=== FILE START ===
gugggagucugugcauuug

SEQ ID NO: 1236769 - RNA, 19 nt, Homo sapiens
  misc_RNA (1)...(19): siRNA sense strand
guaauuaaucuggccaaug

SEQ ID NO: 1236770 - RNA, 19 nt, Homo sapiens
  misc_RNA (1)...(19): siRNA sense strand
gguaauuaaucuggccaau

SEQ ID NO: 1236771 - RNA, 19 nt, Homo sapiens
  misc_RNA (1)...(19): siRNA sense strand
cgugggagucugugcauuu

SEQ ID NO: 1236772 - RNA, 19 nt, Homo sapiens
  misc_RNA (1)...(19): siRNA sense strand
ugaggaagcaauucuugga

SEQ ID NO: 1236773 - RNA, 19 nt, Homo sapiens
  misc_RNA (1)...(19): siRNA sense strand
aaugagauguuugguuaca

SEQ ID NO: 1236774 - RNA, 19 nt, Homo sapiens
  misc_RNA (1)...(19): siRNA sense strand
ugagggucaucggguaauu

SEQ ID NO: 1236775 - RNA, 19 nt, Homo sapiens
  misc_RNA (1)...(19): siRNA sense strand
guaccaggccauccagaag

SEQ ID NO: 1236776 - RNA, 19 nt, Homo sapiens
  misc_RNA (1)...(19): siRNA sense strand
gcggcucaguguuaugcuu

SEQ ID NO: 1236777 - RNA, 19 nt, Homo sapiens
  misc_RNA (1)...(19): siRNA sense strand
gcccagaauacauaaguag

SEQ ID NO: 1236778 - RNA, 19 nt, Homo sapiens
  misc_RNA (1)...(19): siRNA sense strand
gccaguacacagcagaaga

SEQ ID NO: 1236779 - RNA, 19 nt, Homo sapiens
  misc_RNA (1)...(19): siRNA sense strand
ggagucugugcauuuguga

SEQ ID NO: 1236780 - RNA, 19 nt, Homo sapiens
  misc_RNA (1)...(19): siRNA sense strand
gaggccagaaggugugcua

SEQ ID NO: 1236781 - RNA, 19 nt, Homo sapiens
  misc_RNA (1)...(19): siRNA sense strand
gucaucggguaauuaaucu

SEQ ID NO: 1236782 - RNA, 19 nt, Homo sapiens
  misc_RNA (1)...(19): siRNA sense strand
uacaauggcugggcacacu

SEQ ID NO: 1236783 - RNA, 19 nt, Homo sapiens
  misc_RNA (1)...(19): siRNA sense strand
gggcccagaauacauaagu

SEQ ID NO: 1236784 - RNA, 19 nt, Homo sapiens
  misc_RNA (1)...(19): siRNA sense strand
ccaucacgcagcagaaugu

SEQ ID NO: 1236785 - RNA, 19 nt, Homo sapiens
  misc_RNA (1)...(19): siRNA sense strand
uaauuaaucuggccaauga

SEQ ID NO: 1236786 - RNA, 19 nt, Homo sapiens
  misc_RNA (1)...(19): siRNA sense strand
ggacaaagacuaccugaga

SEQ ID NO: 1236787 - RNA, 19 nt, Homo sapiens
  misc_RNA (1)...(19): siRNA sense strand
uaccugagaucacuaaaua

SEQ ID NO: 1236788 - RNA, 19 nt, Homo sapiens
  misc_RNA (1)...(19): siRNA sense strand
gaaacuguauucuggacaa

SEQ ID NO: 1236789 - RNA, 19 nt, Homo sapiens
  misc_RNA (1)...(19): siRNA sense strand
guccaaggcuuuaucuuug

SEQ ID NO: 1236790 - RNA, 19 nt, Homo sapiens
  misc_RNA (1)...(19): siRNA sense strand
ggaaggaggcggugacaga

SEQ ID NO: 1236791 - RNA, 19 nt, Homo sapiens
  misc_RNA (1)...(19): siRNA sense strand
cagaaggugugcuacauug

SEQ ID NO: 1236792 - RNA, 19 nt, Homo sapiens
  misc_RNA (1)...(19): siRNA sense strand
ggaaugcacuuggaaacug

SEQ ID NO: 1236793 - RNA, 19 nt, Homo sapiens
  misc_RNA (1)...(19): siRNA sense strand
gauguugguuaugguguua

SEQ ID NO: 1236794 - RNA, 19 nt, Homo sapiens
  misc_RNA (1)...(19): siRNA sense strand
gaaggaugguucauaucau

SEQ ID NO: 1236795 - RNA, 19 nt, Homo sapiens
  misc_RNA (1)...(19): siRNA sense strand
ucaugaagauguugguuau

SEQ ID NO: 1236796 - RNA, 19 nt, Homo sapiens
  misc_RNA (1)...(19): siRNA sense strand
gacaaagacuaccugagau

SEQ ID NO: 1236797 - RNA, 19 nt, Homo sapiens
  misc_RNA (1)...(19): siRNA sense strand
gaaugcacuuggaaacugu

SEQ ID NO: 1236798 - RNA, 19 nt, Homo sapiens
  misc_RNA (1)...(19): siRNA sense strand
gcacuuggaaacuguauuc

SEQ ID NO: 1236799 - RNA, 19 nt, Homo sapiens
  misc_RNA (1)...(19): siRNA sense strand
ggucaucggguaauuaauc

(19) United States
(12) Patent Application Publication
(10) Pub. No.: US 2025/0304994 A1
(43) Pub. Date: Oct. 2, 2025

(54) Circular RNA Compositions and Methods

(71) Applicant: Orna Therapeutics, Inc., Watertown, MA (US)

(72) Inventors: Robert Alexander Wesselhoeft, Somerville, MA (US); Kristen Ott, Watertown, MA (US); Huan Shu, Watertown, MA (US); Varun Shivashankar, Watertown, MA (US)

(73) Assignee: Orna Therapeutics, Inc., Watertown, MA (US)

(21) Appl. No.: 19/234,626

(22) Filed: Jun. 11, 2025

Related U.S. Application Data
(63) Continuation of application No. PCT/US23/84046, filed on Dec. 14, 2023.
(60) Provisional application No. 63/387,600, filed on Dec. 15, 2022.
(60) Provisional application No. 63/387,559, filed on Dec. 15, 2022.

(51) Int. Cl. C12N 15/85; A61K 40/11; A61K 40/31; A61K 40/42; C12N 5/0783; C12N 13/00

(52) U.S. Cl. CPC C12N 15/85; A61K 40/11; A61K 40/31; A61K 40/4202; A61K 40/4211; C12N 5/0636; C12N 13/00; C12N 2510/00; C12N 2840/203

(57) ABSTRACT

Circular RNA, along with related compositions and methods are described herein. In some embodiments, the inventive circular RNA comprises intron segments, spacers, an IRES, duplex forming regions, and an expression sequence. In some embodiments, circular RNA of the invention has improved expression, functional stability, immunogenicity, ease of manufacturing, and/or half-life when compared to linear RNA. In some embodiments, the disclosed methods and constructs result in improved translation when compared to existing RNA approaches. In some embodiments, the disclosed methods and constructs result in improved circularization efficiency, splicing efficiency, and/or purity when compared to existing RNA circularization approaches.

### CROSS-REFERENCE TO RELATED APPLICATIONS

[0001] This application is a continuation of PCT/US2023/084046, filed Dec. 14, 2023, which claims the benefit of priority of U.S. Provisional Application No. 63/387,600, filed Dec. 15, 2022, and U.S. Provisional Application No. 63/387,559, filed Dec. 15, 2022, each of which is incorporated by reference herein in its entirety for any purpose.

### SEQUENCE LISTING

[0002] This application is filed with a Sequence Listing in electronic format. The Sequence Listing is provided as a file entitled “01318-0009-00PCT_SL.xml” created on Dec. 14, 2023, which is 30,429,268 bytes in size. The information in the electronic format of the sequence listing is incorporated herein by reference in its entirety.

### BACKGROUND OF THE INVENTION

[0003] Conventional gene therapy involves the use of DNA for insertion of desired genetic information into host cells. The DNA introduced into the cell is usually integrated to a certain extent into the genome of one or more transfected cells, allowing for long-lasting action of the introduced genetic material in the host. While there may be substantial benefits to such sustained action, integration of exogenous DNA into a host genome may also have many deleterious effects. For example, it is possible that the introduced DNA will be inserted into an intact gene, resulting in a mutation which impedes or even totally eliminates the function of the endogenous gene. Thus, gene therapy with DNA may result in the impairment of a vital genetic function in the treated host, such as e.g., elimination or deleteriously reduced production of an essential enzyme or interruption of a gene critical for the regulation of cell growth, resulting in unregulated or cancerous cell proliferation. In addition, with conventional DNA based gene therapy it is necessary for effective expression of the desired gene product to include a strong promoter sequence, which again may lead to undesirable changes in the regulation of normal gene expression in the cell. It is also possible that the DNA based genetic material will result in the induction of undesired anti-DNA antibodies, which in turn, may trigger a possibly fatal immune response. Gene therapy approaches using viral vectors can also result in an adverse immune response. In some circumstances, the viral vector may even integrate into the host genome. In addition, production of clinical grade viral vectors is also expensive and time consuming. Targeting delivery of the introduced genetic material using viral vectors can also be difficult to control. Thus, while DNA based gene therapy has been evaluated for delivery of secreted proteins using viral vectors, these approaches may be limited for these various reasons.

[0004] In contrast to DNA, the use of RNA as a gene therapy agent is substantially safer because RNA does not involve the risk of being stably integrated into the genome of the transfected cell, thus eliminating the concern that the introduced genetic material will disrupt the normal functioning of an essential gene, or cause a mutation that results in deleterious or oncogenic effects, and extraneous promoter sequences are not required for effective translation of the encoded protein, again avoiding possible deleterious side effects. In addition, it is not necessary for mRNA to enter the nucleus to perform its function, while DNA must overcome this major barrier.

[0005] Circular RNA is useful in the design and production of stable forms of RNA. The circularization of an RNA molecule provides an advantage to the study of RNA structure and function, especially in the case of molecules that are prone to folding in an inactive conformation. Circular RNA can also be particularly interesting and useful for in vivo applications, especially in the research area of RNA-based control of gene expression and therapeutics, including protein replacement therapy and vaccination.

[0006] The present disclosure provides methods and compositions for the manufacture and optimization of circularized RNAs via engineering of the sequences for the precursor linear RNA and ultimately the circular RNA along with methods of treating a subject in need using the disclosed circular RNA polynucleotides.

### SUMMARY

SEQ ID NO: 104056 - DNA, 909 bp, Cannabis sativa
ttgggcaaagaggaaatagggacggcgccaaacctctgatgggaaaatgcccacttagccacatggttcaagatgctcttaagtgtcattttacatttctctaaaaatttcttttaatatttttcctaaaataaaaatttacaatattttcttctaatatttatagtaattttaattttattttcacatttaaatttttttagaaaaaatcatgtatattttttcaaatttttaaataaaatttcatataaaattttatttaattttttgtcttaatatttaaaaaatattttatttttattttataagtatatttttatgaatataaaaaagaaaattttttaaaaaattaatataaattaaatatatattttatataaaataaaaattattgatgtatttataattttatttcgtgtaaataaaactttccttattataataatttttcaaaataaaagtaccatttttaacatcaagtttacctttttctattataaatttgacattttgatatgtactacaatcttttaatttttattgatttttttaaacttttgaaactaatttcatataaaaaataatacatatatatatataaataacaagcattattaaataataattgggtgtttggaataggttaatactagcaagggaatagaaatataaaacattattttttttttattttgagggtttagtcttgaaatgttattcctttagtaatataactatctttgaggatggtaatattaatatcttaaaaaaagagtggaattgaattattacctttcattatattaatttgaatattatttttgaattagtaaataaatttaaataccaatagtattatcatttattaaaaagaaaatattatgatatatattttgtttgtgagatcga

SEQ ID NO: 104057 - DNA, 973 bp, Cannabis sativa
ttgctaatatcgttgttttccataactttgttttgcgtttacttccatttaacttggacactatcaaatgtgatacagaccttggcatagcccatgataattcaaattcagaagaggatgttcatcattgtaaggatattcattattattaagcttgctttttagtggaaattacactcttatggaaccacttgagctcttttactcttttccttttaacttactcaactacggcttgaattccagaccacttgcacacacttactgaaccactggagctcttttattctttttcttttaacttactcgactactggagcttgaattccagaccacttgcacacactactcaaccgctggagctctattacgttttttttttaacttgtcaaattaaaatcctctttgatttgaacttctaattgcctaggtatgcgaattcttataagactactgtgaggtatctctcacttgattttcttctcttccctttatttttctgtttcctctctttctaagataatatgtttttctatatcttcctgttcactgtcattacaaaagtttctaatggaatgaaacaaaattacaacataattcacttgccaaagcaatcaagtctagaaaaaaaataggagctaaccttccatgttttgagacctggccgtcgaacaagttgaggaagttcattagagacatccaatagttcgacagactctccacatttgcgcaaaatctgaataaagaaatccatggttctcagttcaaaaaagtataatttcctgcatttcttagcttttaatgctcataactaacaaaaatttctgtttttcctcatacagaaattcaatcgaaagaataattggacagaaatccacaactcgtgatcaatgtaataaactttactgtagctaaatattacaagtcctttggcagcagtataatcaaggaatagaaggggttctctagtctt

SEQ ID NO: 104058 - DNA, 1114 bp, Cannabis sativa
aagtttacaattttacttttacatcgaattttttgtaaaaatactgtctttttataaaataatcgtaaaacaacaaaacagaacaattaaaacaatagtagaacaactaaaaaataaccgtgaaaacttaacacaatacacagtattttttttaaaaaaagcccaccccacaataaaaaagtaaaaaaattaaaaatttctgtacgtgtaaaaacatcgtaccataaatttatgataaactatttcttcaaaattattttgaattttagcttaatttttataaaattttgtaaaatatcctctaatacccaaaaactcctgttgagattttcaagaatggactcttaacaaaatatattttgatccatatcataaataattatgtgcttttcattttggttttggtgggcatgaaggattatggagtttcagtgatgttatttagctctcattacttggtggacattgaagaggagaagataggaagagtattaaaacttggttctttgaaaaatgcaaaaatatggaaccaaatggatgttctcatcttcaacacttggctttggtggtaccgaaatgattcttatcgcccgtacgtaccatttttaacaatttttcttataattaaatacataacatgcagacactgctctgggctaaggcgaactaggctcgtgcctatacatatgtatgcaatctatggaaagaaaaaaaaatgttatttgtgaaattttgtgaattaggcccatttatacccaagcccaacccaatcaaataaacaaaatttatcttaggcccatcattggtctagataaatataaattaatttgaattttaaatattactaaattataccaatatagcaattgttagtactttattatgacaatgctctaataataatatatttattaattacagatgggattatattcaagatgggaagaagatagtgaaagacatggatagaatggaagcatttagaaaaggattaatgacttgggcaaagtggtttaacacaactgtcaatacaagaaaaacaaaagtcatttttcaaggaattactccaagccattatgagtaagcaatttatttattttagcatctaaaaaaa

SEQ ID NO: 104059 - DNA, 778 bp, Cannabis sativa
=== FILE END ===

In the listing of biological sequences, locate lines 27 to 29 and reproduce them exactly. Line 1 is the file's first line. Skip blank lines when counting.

  misc_RNA (1)...(19): siRNA sense strand
gcccagaauacauaaguag

SEQ ID NO: 1236778 - RNA, 19 nt, Homo sapiens